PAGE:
Graves were vandalized in a South African Jewish cemetery over the weekend, prompting calls from global Jewish organizations for authorities to increase their vigilance against anti-Semitism.
Four graves were reportedly damaged at the cemetery in the town of Strand, 50 kilometers southeast of Cape Town.
The local Jewish community filed a complaint with police.
A spokesperson for the South African Jewish Board of Deputies said the incident was not a case of anti-Semitism. “Vandalism of graves is unfortunately a relatively common occurrence in South Africa,” Charisse Zeifert told The Times of Israel by email. “While we have in the past had Jewish graves specifically targeted, as shown by the daubing of anti-Semitic graffiti, this is not the case in the Strand. The perpetrators here appear to be vagrants sleeping in the cemetery.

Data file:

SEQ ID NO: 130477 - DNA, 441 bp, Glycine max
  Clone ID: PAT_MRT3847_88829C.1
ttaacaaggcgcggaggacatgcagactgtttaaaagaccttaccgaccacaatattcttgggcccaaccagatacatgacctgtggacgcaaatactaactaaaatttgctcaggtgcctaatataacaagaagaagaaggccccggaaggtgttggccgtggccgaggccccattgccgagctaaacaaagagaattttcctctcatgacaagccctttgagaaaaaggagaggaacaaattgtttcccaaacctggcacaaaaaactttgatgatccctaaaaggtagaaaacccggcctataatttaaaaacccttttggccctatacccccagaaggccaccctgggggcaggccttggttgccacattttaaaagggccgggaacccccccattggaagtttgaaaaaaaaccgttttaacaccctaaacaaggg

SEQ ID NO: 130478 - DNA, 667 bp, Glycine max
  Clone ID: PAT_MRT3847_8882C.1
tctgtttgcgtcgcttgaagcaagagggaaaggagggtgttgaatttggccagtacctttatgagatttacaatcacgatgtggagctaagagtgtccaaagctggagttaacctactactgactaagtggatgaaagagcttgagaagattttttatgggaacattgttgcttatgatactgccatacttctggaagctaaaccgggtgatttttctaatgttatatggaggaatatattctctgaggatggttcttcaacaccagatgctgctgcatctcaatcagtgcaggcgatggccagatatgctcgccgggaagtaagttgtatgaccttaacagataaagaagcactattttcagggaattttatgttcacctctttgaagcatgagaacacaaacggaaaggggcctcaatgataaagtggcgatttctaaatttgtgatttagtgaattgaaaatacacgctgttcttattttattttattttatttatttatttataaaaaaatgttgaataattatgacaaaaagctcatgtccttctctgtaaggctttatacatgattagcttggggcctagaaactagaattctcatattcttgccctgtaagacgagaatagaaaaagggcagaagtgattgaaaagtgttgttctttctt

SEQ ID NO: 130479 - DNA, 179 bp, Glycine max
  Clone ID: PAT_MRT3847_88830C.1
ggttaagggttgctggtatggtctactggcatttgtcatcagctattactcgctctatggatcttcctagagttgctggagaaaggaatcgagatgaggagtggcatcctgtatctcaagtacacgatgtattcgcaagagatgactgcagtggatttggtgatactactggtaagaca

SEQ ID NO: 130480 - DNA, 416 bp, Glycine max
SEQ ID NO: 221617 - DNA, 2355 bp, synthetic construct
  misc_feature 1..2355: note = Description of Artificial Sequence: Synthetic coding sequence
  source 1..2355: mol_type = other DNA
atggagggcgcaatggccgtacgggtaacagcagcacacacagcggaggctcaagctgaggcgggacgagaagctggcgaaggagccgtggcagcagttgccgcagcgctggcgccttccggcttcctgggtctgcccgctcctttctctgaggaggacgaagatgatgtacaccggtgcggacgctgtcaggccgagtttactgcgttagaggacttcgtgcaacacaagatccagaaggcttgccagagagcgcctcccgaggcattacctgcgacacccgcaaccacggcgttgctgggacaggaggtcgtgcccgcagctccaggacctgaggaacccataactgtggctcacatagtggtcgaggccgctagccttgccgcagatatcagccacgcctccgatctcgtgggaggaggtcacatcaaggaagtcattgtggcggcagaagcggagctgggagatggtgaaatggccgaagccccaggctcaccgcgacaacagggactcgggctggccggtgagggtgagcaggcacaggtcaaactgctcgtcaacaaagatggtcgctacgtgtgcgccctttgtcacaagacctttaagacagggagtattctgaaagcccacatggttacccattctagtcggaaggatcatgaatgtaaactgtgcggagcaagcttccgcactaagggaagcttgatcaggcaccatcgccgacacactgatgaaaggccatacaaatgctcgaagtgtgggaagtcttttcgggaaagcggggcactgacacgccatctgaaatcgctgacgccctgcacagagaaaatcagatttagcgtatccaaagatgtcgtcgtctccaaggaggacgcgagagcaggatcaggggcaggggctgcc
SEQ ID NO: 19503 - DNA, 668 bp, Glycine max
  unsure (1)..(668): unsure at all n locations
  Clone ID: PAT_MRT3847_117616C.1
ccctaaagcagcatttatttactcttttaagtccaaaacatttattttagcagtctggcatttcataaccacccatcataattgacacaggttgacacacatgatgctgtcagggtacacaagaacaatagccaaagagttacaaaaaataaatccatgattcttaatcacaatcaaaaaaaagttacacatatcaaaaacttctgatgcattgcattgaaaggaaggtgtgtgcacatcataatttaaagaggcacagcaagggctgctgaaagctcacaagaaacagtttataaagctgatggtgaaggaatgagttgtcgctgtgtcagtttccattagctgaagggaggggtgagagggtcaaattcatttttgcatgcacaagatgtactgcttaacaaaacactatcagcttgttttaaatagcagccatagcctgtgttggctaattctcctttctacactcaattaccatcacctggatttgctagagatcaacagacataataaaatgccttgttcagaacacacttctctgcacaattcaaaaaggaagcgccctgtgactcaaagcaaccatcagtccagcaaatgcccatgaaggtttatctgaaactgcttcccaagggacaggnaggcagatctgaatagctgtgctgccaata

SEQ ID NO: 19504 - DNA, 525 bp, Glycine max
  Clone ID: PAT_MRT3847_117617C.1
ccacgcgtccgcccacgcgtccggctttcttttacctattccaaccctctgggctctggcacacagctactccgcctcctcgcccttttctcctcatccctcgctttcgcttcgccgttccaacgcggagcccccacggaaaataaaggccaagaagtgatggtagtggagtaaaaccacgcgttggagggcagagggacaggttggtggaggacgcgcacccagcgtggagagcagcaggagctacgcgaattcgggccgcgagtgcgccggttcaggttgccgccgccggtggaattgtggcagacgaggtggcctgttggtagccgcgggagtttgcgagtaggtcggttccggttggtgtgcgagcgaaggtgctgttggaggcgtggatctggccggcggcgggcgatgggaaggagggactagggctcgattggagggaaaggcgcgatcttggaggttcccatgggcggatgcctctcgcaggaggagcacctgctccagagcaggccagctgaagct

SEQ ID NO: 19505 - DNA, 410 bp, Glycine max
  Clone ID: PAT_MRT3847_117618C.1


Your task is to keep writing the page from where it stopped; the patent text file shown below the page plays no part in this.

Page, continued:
“While the SAJBD Cape Board had reported the matter to the police, it was to lay a criminal case. The community has put measures in place to prevent similar instances from occurring.”
It was the third such incident in a week, following vandalism at two other Jewish cemeteries in the same district.
Nonetheless, Jewish Agency Chairman Isaac Herzog warned in a statement that anti-Semitic incidents around the world “don’t let up for a moment” and called on countries to step up action against the phenomenon.
“I appeal to governments around the world and to law enforcement authorities to not take it lightly, and to take a firm hand against any manifestation of anti-Semitism,” he said.
World Zionist Organization vice chairman Yaakov Hagoel urged South African authorities to find the culprits before the violence escalates and leads to bloodshed.